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Chapter 112: The Blacksmith.


Availing himself of the mild, summer-cool weather that now reigned in
these latitudes, and in preparation for the peculiarly active
pursuits shortly to be anticipated, Perth, the begrimed, blistered old
blacksmith, had not removed his portable forge to the hold again, after
concluding his contributory work for Ahab's leg, but still retained
it on deck, fast lashed to ringbolts by the foremast; being now almost
incessantly invoked by the headsmen, and harpooneers, and bowsmen to do
some little job for them; altering, or repairing, or new shaping their
various weapons and boat furniture. Often he would be surrounded by an
eager circle, all waiting to be served; holding boat-spades, pike-heads,
harpoons, and lances, and jealously watching his every sooty movement,
as he toiled. Nevertheless, this old man's was a patient hammer wielded
by a patient arm. No murmur, no impatience, no petulance did come from
him. Silent, slow, and solemn; bowing over still further his chronically
broken back, he toiled away, as if toil were life itself, and the
heavy beating of his hammer the heavy beating of his heart. And so it
was.--Most miserable!

A peculiar walk in this old man, a certain slight but painful appearing
yawing in his gait, had at an early period of the voyage excited the
curiosity of the mariners. And to the importunity of their persisted
questionings he had finally given in; and so it came to pass that every
one now knew the shameful story of his wretched fate.

Belated, and not innocently, one bitter winter's midnight, on the road
running between two country towns, the blacksmith half-stupidly felt
the deadly numbness stealing over him, and sought refuge in a leaning,
dilapidated barn. The issue was, the loss of the extremities of both
feet. Out of this revelation, part by part, at last came out the four
acts of the gladness, and the one long, and as yet uncatastrophied fifth
act of the grief of his life's drama.

He was an old man, who, at the age of nearly sixty, had postponedly
encountered that thing in sorrow's technicals called ruin. He had been
an artisan of famed excellence, and with plenty to do; owned a house
and garden; embraced a youthful, daughter-like, loving wife, and three
blithe, ruddy children; every Sunday went to a cheerful-looking church,
planted in a grove. But one night, under cover of darkness, and further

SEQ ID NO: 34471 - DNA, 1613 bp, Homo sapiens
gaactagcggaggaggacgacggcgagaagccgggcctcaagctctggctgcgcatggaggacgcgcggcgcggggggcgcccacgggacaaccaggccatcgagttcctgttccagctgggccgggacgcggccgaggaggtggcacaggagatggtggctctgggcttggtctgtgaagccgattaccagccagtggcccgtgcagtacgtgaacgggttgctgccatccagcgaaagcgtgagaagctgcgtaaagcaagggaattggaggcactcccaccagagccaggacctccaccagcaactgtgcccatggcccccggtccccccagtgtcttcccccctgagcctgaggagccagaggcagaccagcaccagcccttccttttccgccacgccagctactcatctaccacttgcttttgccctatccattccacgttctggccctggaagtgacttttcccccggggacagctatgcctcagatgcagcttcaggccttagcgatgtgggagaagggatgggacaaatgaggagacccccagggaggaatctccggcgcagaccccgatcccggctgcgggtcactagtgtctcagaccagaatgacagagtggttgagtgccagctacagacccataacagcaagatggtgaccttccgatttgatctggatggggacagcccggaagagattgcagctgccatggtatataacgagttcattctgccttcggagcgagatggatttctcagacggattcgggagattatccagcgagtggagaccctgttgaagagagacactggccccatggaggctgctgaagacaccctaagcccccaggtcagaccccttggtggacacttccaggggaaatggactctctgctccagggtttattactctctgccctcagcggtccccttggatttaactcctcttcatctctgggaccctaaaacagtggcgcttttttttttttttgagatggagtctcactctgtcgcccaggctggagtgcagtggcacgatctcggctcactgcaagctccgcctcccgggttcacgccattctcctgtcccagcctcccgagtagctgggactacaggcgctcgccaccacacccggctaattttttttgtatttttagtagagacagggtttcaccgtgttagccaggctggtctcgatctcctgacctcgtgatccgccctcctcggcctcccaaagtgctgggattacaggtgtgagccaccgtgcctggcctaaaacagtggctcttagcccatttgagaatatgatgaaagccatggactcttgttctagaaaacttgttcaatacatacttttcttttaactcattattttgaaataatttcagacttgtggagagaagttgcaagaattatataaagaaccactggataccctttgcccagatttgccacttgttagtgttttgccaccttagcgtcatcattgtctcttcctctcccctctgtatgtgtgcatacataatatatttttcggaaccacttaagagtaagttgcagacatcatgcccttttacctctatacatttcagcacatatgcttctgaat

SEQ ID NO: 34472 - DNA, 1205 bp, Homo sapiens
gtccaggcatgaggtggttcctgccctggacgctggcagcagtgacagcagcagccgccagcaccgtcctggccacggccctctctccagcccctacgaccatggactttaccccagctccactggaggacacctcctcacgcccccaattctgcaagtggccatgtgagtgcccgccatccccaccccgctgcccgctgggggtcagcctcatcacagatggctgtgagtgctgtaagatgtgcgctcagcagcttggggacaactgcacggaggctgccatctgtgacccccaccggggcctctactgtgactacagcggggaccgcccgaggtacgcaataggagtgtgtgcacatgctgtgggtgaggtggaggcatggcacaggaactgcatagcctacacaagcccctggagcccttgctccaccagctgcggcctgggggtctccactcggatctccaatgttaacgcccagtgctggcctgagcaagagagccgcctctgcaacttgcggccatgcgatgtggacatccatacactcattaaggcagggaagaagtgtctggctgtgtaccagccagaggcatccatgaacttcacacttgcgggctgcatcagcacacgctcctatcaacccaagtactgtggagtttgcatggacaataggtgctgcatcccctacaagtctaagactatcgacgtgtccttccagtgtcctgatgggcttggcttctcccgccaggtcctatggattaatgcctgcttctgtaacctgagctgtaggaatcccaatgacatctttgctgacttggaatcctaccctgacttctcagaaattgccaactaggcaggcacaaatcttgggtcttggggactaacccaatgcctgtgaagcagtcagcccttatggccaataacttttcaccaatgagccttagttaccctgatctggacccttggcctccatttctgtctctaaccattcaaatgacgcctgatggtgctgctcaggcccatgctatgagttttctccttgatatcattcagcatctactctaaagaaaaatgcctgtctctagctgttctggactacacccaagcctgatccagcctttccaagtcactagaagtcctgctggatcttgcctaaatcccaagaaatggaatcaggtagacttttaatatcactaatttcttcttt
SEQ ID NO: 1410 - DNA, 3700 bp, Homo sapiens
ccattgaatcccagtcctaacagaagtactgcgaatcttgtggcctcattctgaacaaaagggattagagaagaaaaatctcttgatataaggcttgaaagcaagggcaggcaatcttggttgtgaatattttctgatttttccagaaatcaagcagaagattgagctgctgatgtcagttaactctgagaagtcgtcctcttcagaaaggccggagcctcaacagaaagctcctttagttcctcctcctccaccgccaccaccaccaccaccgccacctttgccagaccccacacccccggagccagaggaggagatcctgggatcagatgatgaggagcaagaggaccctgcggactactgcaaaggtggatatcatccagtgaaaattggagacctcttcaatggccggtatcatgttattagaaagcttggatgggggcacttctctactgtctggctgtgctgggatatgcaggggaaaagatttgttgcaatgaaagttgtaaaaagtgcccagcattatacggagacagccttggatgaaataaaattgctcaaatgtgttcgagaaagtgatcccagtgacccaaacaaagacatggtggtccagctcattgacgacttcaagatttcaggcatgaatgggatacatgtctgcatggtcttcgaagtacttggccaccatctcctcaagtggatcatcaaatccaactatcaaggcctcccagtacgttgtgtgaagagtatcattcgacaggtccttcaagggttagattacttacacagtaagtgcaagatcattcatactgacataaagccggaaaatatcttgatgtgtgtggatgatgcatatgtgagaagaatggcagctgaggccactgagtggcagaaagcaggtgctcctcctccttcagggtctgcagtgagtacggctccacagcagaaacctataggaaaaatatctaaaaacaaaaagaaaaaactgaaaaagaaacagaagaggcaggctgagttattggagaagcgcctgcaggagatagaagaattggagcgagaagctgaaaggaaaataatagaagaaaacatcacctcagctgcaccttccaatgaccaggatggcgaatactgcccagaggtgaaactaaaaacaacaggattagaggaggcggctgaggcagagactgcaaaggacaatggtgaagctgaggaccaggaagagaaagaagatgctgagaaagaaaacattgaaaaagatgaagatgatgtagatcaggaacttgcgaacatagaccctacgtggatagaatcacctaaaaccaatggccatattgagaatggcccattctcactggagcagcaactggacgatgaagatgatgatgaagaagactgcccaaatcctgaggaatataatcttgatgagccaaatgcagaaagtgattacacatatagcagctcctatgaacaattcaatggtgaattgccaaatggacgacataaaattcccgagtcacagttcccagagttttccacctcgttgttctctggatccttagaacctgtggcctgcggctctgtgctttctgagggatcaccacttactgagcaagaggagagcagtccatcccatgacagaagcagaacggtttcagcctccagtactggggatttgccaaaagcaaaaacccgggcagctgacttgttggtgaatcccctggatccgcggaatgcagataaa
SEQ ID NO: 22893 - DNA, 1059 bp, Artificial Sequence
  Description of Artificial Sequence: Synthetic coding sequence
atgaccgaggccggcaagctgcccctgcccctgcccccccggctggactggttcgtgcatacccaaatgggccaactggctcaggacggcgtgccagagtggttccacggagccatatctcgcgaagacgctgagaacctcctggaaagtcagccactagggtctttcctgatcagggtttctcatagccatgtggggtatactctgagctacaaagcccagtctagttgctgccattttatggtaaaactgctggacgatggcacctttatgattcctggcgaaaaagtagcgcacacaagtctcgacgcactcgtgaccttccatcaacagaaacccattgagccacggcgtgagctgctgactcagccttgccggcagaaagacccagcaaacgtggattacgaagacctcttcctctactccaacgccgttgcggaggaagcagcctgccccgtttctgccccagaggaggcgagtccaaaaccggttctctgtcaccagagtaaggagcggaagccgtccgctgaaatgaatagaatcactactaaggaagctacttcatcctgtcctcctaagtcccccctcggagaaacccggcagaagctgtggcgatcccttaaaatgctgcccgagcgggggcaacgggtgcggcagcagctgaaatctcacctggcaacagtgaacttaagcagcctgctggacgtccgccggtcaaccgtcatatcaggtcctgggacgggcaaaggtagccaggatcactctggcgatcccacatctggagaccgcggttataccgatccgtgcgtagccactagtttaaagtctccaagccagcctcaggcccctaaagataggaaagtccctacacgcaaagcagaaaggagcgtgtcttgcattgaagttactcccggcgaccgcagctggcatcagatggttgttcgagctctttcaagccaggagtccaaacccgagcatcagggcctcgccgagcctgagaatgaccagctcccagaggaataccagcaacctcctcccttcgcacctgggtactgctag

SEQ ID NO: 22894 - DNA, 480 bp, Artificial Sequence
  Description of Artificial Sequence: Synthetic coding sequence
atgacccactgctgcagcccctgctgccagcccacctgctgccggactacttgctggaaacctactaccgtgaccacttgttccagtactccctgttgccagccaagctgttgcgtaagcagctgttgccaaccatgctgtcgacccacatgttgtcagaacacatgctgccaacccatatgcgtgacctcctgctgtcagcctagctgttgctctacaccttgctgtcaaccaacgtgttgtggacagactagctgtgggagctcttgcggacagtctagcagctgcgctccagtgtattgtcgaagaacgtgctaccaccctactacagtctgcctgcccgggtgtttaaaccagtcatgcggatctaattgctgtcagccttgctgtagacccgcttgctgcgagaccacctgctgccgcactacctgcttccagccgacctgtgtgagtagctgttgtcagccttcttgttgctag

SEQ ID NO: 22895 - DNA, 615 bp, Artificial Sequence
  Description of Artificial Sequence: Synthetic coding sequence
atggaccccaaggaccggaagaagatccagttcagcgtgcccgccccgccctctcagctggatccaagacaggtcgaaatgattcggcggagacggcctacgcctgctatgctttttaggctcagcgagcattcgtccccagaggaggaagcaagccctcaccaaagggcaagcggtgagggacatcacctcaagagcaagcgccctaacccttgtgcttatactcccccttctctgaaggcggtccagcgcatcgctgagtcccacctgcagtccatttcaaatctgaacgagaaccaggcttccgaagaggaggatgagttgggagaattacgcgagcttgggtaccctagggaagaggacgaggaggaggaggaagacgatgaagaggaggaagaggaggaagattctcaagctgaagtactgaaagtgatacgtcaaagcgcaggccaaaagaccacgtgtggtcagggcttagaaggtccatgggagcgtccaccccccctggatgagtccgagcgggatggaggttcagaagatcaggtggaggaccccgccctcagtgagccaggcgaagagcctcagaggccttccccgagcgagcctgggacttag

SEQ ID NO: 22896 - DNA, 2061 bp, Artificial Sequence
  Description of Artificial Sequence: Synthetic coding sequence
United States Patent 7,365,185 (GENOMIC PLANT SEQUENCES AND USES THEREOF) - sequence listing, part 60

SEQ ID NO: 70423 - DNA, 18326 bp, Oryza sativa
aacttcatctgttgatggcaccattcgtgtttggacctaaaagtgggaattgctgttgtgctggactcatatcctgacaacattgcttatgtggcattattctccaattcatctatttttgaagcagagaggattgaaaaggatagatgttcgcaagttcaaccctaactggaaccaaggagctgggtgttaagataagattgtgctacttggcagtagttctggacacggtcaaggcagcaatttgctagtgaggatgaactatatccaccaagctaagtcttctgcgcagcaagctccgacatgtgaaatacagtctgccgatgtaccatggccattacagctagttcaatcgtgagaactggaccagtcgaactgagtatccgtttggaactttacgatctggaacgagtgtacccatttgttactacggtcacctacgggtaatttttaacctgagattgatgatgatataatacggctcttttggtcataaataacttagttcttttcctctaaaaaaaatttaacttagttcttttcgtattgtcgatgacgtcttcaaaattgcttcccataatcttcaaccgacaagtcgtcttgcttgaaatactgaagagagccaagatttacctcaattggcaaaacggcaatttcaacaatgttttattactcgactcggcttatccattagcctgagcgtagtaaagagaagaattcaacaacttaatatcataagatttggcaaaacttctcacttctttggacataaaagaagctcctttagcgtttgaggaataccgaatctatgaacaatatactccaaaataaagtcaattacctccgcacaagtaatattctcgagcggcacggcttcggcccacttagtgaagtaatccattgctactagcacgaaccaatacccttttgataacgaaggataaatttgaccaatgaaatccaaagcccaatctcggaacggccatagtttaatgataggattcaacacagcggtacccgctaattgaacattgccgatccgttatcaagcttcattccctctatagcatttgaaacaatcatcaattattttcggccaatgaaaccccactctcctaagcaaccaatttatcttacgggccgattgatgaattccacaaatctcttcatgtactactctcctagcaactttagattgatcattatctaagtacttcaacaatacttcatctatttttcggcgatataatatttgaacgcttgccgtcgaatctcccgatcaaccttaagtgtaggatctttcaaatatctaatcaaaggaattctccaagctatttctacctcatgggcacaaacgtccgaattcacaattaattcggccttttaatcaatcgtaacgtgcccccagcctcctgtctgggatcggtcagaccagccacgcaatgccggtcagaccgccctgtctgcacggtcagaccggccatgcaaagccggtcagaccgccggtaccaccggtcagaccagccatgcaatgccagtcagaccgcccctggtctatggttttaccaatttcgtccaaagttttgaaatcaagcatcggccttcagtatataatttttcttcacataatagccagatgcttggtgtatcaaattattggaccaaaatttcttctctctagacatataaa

concealed in a most cunning disguisement, a desperate burglar slid into
his happy home, and robbed them all of everything. And darker yet to
tell, the blacksmith himself did ignorantly conduct this burglar into
his family's heart. It was the Bottle Conjuror! Upon the opening of that
fatal cork, forth flew the fiend, and shrivelled up his home. Now, for
prudent, most wise, and economic reasons, the blacksmith's shop was in
the basement of his dwelling, but with a separate entrance to it; so
that always had the young and loving healthy wife listened with no
unhappy nervousness, but with vigorous pleasure, to the stout ringing of
her young-armed old husband's hammer; whose reverberations, muffled by
passing through the floors and walls, came up to her, not unsweetly,
in her nursery; and so, to stout Labor's iron lullaby, the blacksmith's
infants were rocked to slumber.

Oh, woe on woe! Oh, Death, why canst thou not sometimes be timely? Hadst
thou taken this old blacksmith to thyself ere his full ruin came upon
him, then had the young widow had a delicious grief, and her orphans a
truly venerable, legendary sire to dream of in their after years; and
all of them a care-killing competency. But Death plucked down some
virtuous elder brother, on whose whistling daily toil solely hung the
responsibilities of some other family, and left the worse than useless
old man standing, till the hideous rot of life should make him easier to

Why tell the whole? The blows of the basement hammer every day grew more
and more between; and each blow every day grew fainter than the last;
the wife sat frozen at the window, with tearless eyes, glitteringly
gazing into the weeping faces of her children; the bellows fell; the
forge choked up with cinders; the house was sold; the mother dived
down into the long church-yard grass; her children twice followed her
thither; and the houseless, familyless old man staggered off a vagabond
in crape; his every woe unreverenced; his grey head a scorn to flaxen

Death seems the only desirable sequel for a career like this; but Death
is only a launching into the region of the strange Untried; it is but
the first salutation to the possibilities of the immense Remote, the
Wild, the Watery, the Unshored; therefore, to the death-longing eyes of
such men, who still have left in them some interior compunctions against
suicide, does the all-contributed and all-receptive ocean alluringly
spread forth his whole plain of unimaginable, taking terrors, and
wonderful, new-life adventures; and from the hearts of infinite
Pacifics, the thousand mermaids sing to them--"Come hither,
broken-hearted; here is another life without the guilt of intermediate
death; here are wonders supernatural, without dying for them. Come
hither! bury thyself in a life which, to your now equally abhorred and
abhorring, landed world, is more oblivious than death. Come hither! put
up THY gravestone, too, within the churchyard, and come hither, till we
marry thee!"

Hearkening to these voices, East and West, by early sunrise, and by fall
of eve, the blacksmith's soul responded, Aye, I come! And so Perth went